1. Brief introduction
In this scene Juliet rows with her parents about getting married to a suitor named Paris. She does this in a typical teenage manner.
It is dramatic because Romeo her husband has stayed his last night with her. So after he leaves she weeps but her mother thinks it will help to cheer her up if she gets married, Which would be bigamy.
2. Basic content
This scene is after Romeo and Juliet's marriage, which was done without their parents knowing.
At the beginning of this play Romeo seems to be hopelessly in love with Rosalyn. Proclaiming that she is the only girl for him.
At the Capulet ball Romeo sees Juliet and decides that he is now in love with her. He starts to woo her and she thinks the same of him. Also Paris realises that Romeo is there.
Just before this scene Romeo is rushed out of his wife's room by the coming of Juliet's mother to her bedchamber.
This is Romeos last night with her.
The audience knows that Juliet is married to Romeo and she cannot get married again for it will be bigamy and she will be evicted from the church.
3. The scene itself
What is dramatic about Romeo's leaving?
When Romeo leaves, Juliet says, "Then window let day in and let light out" this is dramatic because by saying this she is really saying that Romeo is her life and she cannot live without him. Also Romeo has just stayed his last night with Juliet, Which was against the law because he was meant to be out of the city the day before. This says that Romeo is willing to give his life for time with Juliet, Because if he gets caught he is sentenced to death.
What is dramatic about Juliet's conversation with her mother?
When Juliet speaks to her mother (Lady Capulet) the audience know s that she is weeping for her loss of Romeo not for her loss of Tybalt. Her mother is under the impression that she is weeping for the loss of her cousin. So in a vain attempt to cheer her up she tells her of marriage plans.
These are not happily accepted because she is married to the man she thinks is her one true love, she throws a tantrum
What is dramatic about Lady Capulet's response?
Lady Capulet says, "I would the fool were married to her grave". This is dramatic because she is saying that she wishes Juliet was dead. All because she will not marry the man they want her to, which was not uncommon in those times. But still this is a very extreme thing to say to your daughter.
She says this after she has fetched lord Capulet. Which means she is showing him how much this is bothering her and that he should act in the same manner.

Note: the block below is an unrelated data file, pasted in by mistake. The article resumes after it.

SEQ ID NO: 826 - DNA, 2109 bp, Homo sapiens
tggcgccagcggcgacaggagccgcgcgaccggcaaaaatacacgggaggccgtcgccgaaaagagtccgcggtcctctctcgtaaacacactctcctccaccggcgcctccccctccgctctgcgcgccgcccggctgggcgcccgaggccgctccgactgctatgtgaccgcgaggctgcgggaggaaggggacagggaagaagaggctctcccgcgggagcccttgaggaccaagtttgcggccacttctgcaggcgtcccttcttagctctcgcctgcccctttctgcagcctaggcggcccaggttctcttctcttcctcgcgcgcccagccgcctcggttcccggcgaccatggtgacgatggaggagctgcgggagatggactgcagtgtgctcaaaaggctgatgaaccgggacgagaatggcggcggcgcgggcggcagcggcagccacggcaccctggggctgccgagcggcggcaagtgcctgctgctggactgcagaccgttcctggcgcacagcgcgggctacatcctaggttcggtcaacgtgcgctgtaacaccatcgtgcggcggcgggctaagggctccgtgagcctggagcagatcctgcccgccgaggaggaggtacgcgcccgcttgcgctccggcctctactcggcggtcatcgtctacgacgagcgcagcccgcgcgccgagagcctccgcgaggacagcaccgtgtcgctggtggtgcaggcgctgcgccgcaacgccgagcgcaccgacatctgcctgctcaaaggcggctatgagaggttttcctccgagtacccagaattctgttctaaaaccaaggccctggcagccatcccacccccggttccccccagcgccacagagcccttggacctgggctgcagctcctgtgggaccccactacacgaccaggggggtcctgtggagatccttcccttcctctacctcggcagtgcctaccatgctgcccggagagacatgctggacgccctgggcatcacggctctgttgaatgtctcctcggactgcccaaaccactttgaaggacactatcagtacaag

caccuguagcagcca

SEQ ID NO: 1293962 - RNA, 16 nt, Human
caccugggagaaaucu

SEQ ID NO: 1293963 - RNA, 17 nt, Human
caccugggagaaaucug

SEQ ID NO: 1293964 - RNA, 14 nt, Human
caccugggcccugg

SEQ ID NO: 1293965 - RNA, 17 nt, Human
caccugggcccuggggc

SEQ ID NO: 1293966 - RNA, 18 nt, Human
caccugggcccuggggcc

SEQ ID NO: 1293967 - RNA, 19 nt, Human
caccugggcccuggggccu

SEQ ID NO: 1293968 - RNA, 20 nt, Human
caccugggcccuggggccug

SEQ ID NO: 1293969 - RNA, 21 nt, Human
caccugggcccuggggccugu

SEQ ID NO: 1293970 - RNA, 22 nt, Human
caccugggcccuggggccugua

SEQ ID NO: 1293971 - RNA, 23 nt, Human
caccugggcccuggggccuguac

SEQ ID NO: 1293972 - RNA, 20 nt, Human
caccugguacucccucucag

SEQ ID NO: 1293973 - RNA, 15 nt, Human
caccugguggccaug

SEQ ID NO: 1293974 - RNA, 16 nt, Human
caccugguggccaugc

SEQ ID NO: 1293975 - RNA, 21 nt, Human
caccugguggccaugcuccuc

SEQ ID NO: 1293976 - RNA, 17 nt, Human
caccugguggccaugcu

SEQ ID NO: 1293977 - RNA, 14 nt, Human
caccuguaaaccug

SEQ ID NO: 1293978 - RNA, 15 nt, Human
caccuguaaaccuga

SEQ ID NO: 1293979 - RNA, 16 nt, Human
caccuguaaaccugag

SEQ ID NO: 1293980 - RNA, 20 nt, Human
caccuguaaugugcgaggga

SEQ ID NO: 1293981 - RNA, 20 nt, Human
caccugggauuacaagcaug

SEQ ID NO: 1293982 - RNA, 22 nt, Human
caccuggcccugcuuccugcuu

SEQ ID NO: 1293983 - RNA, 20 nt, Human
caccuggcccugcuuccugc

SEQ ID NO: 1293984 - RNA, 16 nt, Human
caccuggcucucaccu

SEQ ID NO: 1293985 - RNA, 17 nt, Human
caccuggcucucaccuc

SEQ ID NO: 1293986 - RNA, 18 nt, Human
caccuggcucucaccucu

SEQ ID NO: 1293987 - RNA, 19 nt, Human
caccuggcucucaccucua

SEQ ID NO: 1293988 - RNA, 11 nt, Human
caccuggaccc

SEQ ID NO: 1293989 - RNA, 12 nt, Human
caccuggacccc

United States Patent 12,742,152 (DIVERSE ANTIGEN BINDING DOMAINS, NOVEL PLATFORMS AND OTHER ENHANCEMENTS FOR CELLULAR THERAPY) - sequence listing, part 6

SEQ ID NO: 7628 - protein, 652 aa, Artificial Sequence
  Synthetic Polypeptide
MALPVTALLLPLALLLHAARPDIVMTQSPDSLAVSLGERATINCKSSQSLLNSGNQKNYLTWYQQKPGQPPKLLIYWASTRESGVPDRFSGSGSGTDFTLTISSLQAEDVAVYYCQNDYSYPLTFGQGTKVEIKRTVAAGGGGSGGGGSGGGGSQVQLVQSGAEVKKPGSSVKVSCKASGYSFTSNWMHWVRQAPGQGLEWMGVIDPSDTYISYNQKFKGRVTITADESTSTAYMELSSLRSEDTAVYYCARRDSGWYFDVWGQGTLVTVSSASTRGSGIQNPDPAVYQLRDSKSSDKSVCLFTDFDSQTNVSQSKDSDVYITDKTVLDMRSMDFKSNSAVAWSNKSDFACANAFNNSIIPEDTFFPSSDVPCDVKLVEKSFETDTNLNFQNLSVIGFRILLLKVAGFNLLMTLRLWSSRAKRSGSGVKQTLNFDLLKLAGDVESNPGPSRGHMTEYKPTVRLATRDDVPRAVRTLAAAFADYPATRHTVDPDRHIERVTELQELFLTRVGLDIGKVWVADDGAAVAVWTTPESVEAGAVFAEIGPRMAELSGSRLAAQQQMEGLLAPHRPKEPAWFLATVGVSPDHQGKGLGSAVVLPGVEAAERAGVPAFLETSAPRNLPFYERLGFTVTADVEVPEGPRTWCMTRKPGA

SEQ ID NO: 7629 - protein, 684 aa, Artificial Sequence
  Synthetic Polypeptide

What is dramatic about Lord Capulet's response?
Lord Capulet's response is dramatic because of the way he throws his voice at Juliet in a hateful way. This is not the way you would expect a father to treat his beloved daughter. Lord Capulet says "out, you green-sickness carrion! Out, you baggage!" This shows his rage at this point towards his daughter. He tells her that if she will not do what he wants she will be thrown out onto the streets. In this time this meant either death by starvation or a life of prostitution.
What is dramatic about the nurse's betrayal?
The nurse's betrayal is dramatic because before Romeo and Juliet were married she was encouraging Juliet to marry him. The nurse says, "I think it best you married with the county. O, he's a lovely gentleman! Romeo's a dishclout to him." this show she has completely changed her opinion. She is now disrespecting Romeo and saying that Juliet would be better if she committed bigamy. In this time bigamy was punishable, the priest would have been expelled from the church and Juliet would have been banished from the city. So when the nurse says her short speech it is almost like she is saying she doesn't care for Juliet anymore, even after all those years she brought her up and cared for her.
What is dramatic about Juliet's soliloquy?
Juliet speaks about her aloneness in her soliloquy. This is dramatic because she has no one to turn to, she has lost her friend the nurse and she has lost her husband. So the only person she can talk to is the friar. She also says that if all else fails she will commit suicide. This is a typical teenager thing to do.
4. Fathers and daughters
This scene suggests that fathers in Shakespeare day were less loving towards their daughters. They probably saw their daughters as more of a way of gaining money and respect rather than a love child. Daughters probably had little control over whom they married, and may have spent their lives with men they hated. Daughters seem to be unwanted until they were suitable for marriage. Then they were forced to marry whom the lord/lady wished them to.
The most dramatic part of the scene is where lord Capulet loses his temper and threatens to throw Juliet onto the streets, Because he is her father, he brought her into this world, and he should be showing a lot more compassion than he is in this scene. I think that Lord Capulet is usually a cheerful man and his rage is most uncommon. I also think that he does not see his action's as out of line because he see himself as king of the household and that he has everything at his command. Juliet seems to be a typical teenager, she cries get her own way then, when she doesn't, she starts to say that she will kill herself. Shakespeare wanted to make his audiences think that his play was the most dramatic so they would come to see another of his plays.